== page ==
Not if you don't touch 'emCrankarm said:You'll easily get up it on a 53x25 gear or for comfort go for a 39x25 . Anyway it's not the going up that is the difficult bit, it's going down the other side. Make sure your brakes work. They will get hot!!!
Exactly. It never gets ridiculously steep, but it certainly goes on a bit. On the plus side, it winds around a bit so you never have to see the whole climb stretched out ahead of you. And it shelters you if there's a southerly...ianrauk said:I think DB's reputation far outstrips how it actually is. It's really not that hard a climb. Easy to spin up in less then 10 minutes. Only thing that can be a pain is cars as it's quite narrow in parts.
On an mtb I'd definitely make use of the granny ring and stay in the saddle...HeyWayne said:Question is, do I stay in the saddle and just drop it down into 1st/2nd and slug it out - or use my weight to help me up?
I think I know the answer...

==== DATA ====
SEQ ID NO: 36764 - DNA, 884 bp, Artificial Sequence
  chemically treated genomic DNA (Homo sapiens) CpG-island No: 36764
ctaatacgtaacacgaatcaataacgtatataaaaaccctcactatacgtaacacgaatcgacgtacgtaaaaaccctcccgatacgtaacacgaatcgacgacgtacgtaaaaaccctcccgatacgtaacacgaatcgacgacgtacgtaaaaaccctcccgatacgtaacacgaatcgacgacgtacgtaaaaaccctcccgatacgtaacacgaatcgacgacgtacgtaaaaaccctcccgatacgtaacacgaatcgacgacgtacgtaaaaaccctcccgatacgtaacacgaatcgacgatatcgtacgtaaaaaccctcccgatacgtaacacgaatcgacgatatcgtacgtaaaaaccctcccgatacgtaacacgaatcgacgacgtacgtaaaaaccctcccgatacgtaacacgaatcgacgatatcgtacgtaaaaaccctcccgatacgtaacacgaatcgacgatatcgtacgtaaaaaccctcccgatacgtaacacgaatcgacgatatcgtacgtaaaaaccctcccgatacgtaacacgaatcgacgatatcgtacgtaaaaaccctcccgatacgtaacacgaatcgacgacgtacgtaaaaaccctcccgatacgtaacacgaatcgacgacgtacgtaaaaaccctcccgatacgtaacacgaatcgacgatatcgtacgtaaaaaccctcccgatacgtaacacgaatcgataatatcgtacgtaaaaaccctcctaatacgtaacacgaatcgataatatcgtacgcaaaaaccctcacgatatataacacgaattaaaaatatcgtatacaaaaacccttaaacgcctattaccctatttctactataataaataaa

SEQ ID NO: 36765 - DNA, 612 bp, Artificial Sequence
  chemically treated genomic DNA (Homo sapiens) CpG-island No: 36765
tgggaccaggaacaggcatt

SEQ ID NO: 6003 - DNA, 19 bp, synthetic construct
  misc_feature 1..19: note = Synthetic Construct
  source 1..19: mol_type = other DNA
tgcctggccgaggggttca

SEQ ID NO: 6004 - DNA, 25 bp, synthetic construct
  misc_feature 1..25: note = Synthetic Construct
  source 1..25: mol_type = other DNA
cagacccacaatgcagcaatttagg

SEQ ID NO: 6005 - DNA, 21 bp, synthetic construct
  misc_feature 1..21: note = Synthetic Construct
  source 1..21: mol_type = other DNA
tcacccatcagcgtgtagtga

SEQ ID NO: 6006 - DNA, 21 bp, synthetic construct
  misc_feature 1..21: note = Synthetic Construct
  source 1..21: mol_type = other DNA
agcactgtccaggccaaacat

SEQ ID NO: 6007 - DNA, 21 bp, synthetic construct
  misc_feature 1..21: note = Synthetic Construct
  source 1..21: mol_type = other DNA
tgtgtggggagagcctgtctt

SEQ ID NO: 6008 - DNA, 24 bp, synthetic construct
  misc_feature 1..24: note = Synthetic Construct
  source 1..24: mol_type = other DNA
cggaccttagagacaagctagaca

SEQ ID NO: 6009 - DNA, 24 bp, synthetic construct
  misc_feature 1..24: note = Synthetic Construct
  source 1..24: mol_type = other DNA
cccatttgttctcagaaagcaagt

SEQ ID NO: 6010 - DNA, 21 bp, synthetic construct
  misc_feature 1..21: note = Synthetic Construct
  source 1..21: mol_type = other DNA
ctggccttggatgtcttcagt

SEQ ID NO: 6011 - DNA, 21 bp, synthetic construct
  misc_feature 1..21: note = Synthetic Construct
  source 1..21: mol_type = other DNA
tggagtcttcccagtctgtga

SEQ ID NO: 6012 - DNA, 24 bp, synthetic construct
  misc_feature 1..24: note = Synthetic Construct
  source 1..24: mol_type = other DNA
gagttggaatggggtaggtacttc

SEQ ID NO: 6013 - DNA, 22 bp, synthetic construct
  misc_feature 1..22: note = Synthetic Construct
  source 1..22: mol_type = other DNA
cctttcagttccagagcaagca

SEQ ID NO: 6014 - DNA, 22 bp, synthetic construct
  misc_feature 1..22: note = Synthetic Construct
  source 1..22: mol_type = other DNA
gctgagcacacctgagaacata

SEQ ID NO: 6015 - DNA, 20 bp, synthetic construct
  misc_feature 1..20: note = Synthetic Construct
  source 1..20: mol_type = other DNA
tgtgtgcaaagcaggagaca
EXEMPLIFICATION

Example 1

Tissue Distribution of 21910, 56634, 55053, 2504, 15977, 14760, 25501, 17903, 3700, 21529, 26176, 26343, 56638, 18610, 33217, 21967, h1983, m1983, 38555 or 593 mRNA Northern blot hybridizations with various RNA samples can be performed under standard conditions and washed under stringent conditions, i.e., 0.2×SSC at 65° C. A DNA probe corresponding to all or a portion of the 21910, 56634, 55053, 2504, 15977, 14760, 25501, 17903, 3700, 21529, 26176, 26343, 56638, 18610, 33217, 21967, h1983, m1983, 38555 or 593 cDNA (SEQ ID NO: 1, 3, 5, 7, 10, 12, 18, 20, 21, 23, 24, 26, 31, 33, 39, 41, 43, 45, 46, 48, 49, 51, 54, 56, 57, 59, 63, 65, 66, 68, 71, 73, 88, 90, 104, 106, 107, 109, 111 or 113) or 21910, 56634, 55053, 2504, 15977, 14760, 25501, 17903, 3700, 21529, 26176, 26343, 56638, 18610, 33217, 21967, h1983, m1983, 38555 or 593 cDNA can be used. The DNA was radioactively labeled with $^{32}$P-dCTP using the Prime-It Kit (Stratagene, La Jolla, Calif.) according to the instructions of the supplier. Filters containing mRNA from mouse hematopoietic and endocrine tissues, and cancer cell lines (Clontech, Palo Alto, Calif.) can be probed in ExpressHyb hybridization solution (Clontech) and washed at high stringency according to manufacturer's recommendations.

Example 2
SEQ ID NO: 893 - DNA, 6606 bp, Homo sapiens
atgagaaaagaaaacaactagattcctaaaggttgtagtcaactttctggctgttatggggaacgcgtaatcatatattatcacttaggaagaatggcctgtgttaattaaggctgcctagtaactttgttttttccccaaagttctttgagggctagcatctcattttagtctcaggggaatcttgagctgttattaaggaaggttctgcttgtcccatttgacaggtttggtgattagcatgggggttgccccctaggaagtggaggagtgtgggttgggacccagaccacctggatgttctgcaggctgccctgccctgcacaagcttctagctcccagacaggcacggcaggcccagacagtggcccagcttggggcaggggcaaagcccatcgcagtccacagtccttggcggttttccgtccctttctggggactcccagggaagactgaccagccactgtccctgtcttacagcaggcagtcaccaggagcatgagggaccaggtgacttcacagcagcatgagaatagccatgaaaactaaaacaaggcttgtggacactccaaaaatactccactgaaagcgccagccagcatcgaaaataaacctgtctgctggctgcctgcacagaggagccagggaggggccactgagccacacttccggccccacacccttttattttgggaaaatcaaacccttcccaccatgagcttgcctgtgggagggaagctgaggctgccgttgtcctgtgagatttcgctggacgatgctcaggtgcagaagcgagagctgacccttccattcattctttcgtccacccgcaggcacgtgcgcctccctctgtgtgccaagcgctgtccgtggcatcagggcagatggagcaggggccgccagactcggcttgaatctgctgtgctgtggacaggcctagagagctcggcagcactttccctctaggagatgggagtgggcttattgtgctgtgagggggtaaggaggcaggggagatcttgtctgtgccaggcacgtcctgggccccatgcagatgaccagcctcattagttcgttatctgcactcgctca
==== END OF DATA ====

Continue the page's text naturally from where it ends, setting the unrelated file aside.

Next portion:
An mtb isn't really better for anything involving mainly tarmac, unless the gradient is utterly absurd, but the extra-low gearing is a decent trade-off. Bar-ends help on long climbs - have you got those?HeyWayne said:Am I right in thinking that the main difference between MTB's and road bikes is the gearing (other than the obvious appearance and weight). So a MTB is more suited (easier) to the novice hill climber?
Indeedy I have. Ordered myself some semi slick/hybrid tyres (hopefully in the right size) too and have padded shorts winging their way to me.theclaud said:An mtb isn't really better for anything involving mainly tarmac, unless the gradient is utterly absurd, but the extra-low gearing is a decent trade-off. Bar-ends help on long climbs - have you got those?